Posted by on October 23, 2015 - 3:37pm

In a recent editorial in the Atlantic, writer Joe Fassler discusses an experience he had with his wife who needed emergency surgury to remove her ovary--but here's the thing, the ER team didn't believe it was an emergency. After seeing his wife Rachel in excruciating pain one morning, Joe calls the ambulance to rush Rachel to the hospital where they believed she would get immediate treatment--seeing as she described her pain as an "11" on a 1 to 10 scale. However, once they reached the hospitals, nurses told her she would have to "wait her turn" while others dismissed her by saying, “You’re just feeling a little pain, honey." The nursing team and the overseeing physician--who only asked questions and never did a physical examination on Rachel--diagnosed the pain as stones, AKA a "non-emergency" that the CT scan results would most certainly show.

However, after hours and hours of waiting on the CT scan results, the couple learned the doctor who had overseen Rachel's case had left for the day. When a new doctor was brought up to speed--and when Joe demanded the CT scan results be analyzed--the doctor discovered that Rachel did not have stones; she had what is called ovarian torsion--a phenomenon where the fallopian tube twists and cuts off blood flow. This creates a kind of organ-failure pain that is described as excruciating. Rachel was rushed into surgery, 14 and a half hours from when her pain had started.

In typical emergency-room situations, patients are to be immediately assessed and treated according to the urgency of their condition. Most hospitals use the Emergency Severity Index, a five-level system that categorizes patients on a scale from “resuscitate” (treat immediately) to “non-urgent” (treat within two to 24 hours). That being said, there are acute differences in the wait time for men and women in emergency situations. Nationwide, men wait an average of 49 minutes before receiving an analgesic for acute abdominal pain. Women wait an average of 65 minutes for the same thing.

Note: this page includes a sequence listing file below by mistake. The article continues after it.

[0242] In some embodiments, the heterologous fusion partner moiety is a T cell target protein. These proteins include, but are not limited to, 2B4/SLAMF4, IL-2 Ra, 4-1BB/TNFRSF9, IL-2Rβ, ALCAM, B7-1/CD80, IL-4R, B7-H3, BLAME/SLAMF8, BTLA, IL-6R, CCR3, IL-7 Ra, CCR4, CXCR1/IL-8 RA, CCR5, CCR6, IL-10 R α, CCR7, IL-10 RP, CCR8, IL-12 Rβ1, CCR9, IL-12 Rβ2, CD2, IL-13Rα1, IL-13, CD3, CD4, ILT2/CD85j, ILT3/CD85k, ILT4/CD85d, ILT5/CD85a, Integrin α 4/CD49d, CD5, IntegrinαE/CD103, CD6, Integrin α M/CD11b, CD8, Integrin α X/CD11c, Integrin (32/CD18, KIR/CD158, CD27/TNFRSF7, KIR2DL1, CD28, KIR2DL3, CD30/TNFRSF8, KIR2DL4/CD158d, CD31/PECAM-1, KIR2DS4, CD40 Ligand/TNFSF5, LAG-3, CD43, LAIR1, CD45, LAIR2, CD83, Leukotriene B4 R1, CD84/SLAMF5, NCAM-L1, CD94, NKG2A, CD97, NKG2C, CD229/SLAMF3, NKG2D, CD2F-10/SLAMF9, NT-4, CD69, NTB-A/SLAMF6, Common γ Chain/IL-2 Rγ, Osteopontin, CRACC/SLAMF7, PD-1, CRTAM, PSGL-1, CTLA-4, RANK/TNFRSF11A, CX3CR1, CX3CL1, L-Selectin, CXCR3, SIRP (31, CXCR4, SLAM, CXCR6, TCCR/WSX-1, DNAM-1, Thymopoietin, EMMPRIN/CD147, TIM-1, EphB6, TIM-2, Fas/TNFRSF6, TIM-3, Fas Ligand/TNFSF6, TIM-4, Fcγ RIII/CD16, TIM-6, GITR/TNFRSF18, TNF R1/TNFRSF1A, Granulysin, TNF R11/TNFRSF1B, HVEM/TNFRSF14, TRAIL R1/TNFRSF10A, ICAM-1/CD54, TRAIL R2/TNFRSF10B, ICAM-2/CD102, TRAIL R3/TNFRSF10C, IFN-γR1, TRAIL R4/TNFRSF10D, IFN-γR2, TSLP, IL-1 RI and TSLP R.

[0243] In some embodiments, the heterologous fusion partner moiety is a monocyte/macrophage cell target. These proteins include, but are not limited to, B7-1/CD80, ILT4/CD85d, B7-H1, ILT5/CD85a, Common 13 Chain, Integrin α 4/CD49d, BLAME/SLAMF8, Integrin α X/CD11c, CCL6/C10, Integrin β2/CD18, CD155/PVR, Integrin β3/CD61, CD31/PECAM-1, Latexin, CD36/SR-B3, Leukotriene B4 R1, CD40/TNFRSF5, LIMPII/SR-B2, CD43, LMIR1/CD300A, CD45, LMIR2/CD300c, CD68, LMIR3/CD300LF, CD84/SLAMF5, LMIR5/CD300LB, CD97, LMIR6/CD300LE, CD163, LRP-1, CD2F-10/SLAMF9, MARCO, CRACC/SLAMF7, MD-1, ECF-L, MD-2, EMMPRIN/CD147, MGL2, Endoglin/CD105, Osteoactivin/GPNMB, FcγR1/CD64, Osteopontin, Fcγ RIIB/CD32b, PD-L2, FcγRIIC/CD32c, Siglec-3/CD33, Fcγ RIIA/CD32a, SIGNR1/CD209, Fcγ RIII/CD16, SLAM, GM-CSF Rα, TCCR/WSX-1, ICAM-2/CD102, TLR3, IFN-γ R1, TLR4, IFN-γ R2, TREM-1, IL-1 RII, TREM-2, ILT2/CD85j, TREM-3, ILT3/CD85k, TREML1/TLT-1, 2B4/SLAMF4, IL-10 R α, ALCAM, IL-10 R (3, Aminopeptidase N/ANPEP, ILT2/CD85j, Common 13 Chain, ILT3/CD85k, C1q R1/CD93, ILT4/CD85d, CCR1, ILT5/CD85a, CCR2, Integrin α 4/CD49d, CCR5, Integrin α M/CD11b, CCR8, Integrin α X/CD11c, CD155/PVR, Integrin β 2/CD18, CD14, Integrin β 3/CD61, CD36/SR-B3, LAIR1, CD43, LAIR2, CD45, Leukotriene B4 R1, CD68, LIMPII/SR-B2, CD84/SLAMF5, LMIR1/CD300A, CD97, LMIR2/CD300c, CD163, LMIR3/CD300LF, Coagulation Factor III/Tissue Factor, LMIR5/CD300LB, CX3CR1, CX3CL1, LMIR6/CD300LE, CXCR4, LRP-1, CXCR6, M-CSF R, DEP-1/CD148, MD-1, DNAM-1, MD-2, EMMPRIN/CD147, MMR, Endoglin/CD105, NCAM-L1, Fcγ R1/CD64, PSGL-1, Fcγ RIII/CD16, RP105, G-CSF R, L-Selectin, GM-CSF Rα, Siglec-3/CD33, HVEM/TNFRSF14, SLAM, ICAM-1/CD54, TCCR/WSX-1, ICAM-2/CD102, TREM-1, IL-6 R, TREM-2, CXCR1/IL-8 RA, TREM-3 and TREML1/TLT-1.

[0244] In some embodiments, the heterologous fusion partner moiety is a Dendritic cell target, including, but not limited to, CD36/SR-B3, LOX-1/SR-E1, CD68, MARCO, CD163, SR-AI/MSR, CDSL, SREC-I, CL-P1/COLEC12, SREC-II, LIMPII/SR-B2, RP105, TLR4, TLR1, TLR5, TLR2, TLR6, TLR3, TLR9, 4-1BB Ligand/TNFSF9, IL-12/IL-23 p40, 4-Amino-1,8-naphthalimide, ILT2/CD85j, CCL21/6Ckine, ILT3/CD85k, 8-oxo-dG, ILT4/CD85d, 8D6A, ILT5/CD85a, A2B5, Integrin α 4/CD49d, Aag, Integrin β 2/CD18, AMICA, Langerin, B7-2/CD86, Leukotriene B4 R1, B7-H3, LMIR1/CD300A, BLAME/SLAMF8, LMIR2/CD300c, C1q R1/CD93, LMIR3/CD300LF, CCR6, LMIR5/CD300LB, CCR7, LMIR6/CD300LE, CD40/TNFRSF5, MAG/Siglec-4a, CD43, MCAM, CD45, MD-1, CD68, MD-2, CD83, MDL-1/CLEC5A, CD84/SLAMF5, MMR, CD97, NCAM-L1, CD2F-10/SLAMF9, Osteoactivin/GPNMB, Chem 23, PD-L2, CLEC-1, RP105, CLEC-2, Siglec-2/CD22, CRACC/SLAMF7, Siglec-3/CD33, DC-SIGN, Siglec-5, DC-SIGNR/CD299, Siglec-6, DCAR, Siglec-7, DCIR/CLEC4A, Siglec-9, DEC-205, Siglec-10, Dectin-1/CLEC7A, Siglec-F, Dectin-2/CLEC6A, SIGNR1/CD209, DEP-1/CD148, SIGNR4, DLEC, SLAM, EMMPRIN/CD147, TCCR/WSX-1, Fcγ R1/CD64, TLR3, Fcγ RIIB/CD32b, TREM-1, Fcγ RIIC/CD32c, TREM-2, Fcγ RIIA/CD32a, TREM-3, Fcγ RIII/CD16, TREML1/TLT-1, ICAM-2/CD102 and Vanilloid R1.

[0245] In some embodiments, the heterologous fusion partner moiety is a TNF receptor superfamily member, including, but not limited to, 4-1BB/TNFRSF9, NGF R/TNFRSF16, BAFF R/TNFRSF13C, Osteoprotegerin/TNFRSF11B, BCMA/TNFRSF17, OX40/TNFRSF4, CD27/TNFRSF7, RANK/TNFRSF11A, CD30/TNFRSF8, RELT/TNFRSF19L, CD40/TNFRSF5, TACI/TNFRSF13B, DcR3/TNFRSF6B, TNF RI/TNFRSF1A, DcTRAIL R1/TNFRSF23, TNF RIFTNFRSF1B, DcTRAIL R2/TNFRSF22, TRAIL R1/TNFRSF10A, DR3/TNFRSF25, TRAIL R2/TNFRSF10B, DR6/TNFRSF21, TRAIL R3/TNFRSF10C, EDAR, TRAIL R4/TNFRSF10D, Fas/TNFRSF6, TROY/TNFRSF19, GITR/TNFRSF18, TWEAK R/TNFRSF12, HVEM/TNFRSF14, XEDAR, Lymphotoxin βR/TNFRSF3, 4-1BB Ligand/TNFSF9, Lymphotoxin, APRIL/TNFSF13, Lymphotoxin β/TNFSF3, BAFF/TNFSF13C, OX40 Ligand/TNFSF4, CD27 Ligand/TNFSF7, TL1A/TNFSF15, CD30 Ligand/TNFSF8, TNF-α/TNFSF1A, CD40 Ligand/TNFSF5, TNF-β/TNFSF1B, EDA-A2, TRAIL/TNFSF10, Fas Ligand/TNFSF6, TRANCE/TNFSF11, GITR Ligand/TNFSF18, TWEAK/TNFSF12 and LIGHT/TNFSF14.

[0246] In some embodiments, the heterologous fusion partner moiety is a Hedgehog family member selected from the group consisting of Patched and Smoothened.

Writer Leslie Jamison expresses this concept in her essay "Grand Unified Theory of Female Pain" which examines how oftentimes female suffering is minimized, mocked, or coaxed into silence. Researchers at the University of Maryland have also conducted research on this phenomenon and outline their finding is their paper "The Girl Who Cried Pain: A Bias Against Women in the Treatment of Pain." Rachel's experience in the ER unfortunately embodies these biases in a very real way, and hopefully do not reflect the experienes of all women who enter the hospital--but it's a sobering thought. 

Posted by on October 21, 2015 - 3:58pm

According to several studies, many women are either receiving unnecessary Pap tests, or smears, to screen for cervical cancer, while others are not receiving the appropriate tests at all. The guidelines for how often women should receive Pap tests need to be widely known. Previously, physicians typically administered Pap tests to women 3 years after they became sexually active, or when they turned 21. After that, women were advised to receive a Pap test once every one or two years.

In March 2012, physicians’ groups released new Pap test guidelines. These recommend that most women do not need a Pap test before age 21, and that between ages 21 and 65, women should typically be tested once every 3 years. However, some women ages 30 to 65 may receive a Pap test in intervals of 5 years, as long as they are being tested for the human papillomavirus (HPV) as well. After age 65, women do not need to receive a Pap test unless they are at a high risk of cervical cancer. Additionally, testing is not recommended for women who have received a hysterectomy and have no history of cervical cancer or abnormal test results. These changes were made because cervical cancer is rare for young women, and grows at such a slow rate, that longer intervals between tests is not harmful.